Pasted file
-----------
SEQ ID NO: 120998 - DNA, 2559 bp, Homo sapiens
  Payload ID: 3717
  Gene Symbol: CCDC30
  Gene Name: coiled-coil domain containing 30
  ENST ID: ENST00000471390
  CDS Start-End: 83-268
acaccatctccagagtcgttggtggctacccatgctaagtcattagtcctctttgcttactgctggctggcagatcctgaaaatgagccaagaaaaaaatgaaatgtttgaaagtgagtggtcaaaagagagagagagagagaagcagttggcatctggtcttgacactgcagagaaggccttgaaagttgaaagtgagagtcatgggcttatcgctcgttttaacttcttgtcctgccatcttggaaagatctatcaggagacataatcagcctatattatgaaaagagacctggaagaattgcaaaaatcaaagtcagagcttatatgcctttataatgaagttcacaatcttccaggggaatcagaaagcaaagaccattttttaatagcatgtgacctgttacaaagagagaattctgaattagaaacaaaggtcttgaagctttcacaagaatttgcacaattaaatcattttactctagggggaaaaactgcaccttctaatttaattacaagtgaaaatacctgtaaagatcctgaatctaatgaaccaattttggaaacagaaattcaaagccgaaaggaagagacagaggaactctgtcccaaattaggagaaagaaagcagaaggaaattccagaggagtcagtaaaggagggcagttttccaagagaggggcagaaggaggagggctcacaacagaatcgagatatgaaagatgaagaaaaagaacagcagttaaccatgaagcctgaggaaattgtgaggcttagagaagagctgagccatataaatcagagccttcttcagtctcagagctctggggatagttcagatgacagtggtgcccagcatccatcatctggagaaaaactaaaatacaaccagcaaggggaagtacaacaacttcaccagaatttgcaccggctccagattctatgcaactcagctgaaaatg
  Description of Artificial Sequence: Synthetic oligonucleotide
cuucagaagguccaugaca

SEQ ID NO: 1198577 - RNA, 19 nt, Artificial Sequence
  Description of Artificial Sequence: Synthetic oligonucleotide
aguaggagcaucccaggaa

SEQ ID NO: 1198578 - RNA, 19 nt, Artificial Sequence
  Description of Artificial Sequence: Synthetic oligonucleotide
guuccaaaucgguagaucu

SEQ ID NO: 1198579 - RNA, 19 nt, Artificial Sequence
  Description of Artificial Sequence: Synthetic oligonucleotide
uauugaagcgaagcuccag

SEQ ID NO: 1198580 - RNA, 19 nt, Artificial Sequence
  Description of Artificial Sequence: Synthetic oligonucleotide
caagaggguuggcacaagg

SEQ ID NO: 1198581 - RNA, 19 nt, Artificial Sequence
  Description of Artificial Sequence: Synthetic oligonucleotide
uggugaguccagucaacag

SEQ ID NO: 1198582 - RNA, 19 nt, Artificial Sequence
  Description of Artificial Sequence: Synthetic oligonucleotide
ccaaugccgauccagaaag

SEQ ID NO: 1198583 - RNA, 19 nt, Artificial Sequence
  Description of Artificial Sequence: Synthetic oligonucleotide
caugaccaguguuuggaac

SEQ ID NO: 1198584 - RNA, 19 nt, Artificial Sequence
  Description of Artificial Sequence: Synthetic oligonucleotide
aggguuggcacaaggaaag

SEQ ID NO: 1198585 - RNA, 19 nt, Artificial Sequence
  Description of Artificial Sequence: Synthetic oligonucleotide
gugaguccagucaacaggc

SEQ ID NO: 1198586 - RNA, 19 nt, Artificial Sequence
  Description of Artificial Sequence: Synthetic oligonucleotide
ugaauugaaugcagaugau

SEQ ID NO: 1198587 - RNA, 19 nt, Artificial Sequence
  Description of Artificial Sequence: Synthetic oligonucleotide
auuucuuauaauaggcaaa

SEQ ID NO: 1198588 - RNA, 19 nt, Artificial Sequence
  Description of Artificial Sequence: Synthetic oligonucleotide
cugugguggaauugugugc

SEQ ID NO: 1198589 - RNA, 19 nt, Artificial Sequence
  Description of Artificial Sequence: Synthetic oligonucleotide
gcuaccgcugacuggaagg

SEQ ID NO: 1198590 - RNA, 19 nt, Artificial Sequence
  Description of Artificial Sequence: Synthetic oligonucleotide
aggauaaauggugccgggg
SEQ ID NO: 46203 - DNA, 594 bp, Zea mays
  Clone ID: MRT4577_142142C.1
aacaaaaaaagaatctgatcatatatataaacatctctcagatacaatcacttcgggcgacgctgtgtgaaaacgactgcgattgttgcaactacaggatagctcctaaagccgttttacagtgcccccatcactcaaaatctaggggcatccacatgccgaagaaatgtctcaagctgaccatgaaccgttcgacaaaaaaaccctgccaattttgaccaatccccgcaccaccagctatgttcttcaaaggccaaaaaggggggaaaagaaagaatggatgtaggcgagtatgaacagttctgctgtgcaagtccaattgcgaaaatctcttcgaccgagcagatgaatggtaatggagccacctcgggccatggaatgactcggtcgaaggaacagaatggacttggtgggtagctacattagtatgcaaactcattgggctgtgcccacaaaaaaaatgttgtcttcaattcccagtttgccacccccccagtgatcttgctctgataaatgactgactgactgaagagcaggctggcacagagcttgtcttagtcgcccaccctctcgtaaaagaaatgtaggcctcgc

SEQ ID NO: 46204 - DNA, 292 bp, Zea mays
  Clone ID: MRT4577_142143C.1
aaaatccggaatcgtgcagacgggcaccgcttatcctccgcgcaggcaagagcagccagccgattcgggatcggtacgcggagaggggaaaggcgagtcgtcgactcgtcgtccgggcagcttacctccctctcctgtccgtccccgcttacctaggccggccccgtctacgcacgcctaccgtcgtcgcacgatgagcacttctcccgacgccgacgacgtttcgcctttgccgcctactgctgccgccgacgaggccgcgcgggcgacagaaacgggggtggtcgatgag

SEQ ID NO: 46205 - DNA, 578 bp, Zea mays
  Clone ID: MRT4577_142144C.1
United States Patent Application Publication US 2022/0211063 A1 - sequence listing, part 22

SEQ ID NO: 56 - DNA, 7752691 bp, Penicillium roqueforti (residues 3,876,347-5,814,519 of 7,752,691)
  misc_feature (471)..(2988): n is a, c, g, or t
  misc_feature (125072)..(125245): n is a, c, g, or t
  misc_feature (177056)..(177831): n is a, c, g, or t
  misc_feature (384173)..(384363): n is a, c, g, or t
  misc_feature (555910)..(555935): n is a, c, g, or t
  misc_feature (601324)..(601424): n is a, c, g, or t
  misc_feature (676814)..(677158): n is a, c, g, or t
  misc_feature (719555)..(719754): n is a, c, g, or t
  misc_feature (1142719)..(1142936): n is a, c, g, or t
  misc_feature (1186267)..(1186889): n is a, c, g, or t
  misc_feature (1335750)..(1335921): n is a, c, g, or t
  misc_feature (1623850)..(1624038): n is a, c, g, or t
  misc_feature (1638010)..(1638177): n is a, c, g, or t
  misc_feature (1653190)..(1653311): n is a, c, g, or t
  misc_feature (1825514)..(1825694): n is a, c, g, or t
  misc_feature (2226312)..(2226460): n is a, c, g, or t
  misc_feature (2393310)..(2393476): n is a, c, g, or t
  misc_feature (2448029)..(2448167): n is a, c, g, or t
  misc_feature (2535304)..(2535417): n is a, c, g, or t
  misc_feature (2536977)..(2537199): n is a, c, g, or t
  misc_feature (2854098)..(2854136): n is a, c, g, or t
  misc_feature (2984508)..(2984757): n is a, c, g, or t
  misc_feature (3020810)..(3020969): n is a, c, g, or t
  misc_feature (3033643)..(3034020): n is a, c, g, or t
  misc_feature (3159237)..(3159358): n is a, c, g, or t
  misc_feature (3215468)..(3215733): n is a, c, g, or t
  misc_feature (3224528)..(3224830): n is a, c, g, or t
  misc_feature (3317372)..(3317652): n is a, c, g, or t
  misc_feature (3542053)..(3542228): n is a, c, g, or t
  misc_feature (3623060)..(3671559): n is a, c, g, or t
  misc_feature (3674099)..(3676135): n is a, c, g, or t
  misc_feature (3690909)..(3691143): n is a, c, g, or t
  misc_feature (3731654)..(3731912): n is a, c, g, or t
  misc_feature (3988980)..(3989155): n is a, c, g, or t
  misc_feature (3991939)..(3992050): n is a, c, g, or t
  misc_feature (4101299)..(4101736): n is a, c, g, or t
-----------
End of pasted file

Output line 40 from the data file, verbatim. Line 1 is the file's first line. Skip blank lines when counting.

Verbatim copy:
SEQ ID NO: 1198587 - RNA, 19 nt, Artificial Sequence